A TD Ameritrade spokeswoman did not respond to a request for comment.

Wall Street is still bullish on the proposed deal. There are 14 analysts with “buy” or “strong buy” recommendations on Schwab shares, some of whom point to cost synergies from the acquisition and confidence in Schwab’s long-term growth prospects.

Schwab is “best positioned to navigate the volatile and uncertain backdrop given their scale, ability to take share and win new customers in a flight to quality, drive greater expense efficiency and deliver significant earnings accretion from their significant USAA acquisition and [TD Ameritrade] merger,” according to Morgan Stanley analyst Michael Cyprys in the firm’s April 1 eBroker report, which rated Schwab “overweight.”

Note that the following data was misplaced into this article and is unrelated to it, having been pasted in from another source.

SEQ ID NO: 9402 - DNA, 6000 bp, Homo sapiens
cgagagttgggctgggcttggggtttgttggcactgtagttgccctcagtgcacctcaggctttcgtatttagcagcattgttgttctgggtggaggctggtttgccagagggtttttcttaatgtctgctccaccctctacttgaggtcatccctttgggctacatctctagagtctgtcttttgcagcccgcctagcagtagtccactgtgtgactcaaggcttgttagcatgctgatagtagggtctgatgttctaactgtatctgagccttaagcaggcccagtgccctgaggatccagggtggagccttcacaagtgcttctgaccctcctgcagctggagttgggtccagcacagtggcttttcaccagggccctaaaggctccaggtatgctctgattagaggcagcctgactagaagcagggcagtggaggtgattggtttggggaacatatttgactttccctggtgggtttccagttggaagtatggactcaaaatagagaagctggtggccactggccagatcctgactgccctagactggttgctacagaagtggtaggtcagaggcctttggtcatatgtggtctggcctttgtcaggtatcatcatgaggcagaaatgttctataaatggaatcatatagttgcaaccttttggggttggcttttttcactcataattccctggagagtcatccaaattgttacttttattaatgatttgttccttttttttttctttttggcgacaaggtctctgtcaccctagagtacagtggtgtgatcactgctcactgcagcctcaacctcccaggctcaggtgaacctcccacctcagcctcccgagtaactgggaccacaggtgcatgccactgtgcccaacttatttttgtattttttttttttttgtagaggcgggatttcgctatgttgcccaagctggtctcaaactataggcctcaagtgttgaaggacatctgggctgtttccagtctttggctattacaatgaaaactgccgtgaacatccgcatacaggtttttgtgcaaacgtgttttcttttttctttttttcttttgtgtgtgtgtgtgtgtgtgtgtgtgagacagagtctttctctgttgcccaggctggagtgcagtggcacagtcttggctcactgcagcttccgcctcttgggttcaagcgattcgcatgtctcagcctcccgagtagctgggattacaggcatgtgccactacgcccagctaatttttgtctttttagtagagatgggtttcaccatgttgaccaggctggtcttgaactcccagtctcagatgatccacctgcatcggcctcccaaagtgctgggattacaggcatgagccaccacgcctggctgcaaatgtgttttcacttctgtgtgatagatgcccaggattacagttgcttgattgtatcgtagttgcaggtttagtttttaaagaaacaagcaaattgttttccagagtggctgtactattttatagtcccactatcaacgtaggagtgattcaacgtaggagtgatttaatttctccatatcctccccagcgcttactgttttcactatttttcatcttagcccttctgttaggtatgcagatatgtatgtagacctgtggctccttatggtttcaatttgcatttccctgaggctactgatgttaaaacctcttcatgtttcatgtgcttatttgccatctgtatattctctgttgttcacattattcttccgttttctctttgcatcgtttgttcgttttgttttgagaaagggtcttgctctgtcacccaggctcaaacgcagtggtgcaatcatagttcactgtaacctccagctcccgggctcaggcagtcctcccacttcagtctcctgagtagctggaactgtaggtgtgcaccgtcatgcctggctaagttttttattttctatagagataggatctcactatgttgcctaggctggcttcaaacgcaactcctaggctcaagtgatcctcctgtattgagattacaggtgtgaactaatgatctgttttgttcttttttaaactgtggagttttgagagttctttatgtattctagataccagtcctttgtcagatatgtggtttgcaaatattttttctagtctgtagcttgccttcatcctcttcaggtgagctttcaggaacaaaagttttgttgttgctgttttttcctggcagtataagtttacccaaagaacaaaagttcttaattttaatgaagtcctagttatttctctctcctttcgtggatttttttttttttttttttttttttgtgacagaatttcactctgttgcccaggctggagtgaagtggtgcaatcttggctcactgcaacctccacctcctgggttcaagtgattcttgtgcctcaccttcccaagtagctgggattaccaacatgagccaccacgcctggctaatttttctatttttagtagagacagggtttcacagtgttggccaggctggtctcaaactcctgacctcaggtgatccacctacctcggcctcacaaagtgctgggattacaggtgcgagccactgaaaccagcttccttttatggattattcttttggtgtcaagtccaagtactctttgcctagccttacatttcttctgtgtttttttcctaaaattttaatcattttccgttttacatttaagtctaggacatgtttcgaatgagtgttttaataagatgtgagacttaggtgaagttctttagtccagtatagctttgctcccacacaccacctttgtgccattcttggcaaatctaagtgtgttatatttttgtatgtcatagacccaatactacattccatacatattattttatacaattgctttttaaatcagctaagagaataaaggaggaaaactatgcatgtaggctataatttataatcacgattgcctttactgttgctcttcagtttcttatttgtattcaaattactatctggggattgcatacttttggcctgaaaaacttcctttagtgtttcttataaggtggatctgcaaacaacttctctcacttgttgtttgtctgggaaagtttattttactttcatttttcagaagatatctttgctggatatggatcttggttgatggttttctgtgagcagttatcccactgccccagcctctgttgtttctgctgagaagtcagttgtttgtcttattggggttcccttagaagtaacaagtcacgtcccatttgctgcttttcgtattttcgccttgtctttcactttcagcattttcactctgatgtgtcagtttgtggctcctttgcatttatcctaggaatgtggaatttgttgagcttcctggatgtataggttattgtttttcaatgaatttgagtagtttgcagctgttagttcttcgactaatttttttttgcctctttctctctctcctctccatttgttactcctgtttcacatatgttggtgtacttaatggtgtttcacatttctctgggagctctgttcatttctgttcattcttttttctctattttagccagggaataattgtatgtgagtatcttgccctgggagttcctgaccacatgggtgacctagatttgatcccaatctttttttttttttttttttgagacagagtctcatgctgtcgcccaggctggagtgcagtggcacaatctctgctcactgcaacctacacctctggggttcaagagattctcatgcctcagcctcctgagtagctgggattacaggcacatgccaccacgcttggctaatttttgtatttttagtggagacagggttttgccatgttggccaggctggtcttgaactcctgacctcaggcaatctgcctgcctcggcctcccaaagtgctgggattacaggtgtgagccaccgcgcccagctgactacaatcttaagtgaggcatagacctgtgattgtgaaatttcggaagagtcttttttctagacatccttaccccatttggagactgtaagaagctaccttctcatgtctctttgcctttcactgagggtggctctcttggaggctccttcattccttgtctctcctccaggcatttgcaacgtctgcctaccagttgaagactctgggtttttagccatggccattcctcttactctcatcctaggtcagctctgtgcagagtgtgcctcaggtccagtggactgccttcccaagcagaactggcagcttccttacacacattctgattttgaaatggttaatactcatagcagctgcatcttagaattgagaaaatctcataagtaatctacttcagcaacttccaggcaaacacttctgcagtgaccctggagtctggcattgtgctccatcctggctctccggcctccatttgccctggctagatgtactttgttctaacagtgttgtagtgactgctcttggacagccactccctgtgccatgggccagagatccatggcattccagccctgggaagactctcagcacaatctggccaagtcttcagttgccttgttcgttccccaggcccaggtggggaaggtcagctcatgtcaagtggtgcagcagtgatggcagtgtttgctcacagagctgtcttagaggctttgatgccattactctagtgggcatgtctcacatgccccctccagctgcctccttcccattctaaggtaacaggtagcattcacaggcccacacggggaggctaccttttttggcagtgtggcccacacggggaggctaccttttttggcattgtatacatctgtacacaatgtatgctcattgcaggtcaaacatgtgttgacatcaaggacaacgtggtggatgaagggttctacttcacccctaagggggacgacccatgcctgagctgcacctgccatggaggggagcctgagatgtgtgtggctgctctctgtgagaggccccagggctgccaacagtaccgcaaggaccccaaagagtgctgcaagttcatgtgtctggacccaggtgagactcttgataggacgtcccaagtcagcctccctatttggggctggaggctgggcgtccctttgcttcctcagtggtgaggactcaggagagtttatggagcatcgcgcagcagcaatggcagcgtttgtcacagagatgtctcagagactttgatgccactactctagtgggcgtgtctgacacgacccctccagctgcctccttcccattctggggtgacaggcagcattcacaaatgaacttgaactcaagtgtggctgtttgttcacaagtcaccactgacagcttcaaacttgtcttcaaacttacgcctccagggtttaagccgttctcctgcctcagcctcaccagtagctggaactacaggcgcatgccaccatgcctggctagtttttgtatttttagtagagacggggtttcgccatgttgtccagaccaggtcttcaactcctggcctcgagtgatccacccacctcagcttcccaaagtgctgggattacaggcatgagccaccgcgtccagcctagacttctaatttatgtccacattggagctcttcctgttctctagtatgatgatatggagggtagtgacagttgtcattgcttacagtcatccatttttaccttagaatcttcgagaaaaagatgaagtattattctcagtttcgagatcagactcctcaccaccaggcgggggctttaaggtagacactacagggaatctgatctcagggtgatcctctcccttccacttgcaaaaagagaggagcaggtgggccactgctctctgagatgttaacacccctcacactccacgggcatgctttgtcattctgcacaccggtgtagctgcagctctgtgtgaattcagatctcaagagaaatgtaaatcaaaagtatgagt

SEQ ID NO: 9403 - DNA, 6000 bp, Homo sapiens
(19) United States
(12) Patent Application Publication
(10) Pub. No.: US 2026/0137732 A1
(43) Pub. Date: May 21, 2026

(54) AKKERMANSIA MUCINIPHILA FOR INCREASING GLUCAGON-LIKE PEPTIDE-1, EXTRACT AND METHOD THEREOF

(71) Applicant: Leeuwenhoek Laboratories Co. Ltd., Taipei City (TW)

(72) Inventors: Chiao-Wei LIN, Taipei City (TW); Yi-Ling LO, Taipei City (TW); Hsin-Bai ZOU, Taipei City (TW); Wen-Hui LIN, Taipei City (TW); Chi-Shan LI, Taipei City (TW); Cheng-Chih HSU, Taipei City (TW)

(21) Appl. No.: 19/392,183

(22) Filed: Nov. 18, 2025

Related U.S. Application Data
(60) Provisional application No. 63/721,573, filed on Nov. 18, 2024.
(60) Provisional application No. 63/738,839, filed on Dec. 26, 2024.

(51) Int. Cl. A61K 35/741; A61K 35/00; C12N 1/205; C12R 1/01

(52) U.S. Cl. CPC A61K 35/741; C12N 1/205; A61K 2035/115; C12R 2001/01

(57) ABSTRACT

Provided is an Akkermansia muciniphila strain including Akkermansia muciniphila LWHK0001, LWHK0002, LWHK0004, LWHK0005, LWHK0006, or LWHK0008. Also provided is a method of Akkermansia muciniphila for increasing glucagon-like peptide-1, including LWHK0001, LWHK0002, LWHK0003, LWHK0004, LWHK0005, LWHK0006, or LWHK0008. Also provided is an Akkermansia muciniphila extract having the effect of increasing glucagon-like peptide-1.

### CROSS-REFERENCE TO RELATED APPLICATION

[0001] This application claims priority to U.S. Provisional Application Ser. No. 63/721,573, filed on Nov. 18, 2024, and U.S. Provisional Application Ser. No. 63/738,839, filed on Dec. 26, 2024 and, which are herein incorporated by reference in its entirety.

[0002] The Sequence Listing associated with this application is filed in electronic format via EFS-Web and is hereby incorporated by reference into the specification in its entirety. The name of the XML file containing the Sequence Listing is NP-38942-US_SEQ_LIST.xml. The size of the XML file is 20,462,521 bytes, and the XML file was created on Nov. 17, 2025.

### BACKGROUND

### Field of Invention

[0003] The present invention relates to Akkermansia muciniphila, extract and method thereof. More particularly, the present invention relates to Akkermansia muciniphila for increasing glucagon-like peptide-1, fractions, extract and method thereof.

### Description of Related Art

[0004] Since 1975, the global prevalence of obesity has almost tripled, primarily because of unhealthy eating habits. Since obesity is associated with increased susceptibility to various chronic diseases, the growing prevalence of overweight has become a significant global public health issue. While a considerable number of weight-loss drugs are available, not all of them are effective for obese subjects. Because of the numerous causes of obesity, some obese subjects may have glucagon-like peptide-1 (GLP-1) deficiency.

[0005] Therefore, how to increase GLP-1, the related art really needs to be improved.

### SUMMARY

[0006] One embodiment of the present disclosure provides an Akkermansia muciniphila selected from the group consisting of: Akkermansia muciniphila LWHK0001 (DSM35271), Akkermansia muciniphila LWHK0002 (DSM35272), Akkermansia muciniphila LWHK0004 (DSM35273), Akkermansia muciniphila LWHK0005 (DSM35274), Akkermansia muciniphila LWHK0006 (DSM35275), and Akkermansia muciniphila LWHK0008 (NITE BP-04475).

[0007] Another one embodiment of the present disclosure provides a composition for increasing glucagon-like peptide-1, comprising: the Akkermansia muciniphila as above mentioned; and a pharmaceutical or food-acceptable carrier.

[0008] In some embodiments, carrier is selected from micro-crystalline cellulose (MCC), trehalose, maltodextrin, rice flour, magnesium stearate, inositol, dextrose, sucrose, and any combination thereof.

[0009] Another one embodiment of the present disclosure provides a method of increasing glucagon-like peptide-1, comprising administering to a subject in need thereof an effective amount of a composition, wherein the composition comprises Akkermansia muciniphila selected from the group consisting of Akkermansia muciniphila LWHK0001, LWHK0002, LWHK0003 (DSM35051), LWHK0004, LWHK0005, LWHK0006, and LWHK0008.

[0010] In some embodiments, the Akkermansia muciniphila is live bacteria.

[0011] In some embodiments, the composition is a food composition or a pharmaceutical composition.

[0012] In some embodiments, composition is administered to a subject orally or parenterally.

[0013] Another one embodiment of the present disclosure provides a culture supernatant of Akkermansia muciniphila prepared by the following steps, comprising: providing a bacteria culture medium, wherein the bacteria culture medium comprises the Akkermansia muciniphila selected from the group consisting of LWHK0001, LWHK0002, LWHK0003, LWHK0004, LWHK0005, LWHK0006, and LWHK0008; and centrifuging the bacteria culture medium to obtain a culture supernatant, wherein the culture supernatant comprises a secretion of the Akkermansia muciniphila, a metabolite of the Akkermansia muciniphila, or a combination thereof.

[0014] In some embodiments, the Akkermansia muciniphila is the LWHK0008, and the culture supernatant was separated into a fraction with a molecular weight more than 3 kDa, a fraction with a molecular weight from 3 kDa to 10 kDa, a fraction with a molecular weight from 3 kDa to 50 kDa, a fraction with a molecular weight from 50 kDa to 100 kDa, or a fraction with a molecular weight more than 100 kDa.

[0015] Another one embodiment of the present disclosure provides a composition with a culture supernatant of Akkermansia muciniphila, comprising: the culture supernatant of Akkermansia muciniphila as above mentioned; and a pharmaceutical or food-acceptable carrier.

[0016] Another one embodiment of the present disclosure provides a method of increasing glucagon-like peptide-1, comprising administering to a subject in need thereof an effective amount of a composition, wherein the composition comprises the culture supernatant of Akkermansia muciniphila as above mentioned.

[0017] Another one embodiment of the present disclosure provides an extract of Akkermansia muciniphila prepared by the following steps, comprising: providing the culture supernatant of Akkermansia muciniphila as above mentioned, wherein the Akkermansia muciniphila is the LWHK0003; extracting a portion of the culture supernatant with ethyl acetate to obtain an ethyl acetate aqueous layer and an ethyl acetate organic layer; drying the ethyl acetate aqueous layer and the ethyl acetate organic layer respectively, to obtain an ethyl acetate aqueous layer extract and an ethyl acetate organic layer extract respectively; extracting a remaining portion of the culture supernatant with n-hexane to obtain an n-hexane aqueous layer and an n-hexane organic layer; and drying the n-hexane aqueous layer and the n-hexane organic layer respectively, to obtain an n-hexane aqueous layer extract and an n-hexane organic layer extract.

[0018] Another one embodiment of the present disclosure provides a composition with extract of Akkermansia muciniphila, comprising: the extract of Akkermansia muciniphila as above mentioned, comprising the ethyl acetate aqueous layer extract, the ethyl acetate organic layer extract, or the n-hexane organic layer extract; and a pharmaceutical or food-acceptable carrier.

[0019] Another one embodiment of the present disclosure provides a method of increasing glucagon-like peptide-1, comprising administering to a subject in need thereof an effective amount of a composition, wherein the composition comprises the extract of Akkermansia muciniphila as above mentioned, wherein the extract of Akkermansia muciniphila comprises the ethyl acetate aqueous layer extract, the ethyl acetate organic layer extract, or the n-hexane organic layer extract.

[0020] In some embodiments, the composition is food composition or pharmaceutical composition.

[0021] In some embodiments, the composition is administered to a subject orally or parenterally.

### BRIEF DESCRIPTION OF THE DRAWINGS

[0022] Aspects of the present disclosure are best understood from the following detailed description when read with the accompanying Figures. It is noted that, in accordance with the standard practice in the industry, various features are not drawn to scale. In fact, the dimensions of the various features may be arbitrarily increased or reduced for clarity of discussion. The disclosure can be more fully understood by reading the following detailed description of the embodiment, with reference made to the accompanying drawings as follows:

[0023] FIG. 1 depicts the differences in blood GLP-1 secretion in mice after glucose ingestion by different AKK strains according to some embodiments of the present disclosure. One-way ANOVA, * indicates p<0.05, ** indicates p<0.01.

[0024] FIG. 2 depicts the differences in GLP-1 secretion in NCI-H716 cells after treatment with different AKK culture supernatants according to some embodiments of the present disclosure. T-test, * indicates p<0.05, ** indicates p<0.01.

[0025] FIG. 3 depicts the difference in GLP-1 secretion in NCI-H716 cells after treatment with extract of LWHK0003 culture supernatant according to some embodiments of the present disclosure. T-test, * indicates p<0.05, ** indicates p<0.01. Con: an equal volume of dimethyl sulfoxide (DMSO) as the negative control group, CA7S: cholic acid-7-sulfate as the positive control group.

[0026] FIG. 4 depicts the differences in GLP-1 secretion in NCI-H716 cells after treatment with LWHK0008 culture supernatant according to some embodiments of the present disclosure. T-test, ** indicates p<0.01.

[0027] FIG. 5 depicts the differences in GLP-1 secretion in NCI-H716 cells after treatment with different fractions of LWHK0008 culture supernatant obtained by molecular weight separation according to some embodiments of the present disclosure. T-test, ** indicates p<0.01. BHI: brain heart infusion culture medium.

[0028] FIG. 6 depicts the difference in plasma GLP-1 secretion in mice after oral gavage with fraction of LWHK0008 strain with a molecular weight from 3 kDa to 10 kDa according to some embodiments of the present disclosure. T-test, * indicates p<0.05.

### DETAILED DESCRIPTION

Schwab and TD have approximately $4 trillion and $1.3 trillion in client assets, respectively.

Yet circumstances have certainly changed since Schwab said in November it would purchase its custodial and retail brokerage competitor, TD Ameritrade.

TD Ameritrade’s market cap has sunk to $18.74 billion on March 30, down 30% from $26.89 billion on the last day of 2019. Schwab’s current market cap has dropped 29% to $43.24 billion, from $61.15 billion on Dec. 31.

“The currency of [this] deal is, of course, the valuation of the companies involved,” says Andrew Stoltmann, investor attorney of the eponymous law firm and former president of PIABA. “You have the valuations of both plummeting substantially, and that poses risk to the deal.”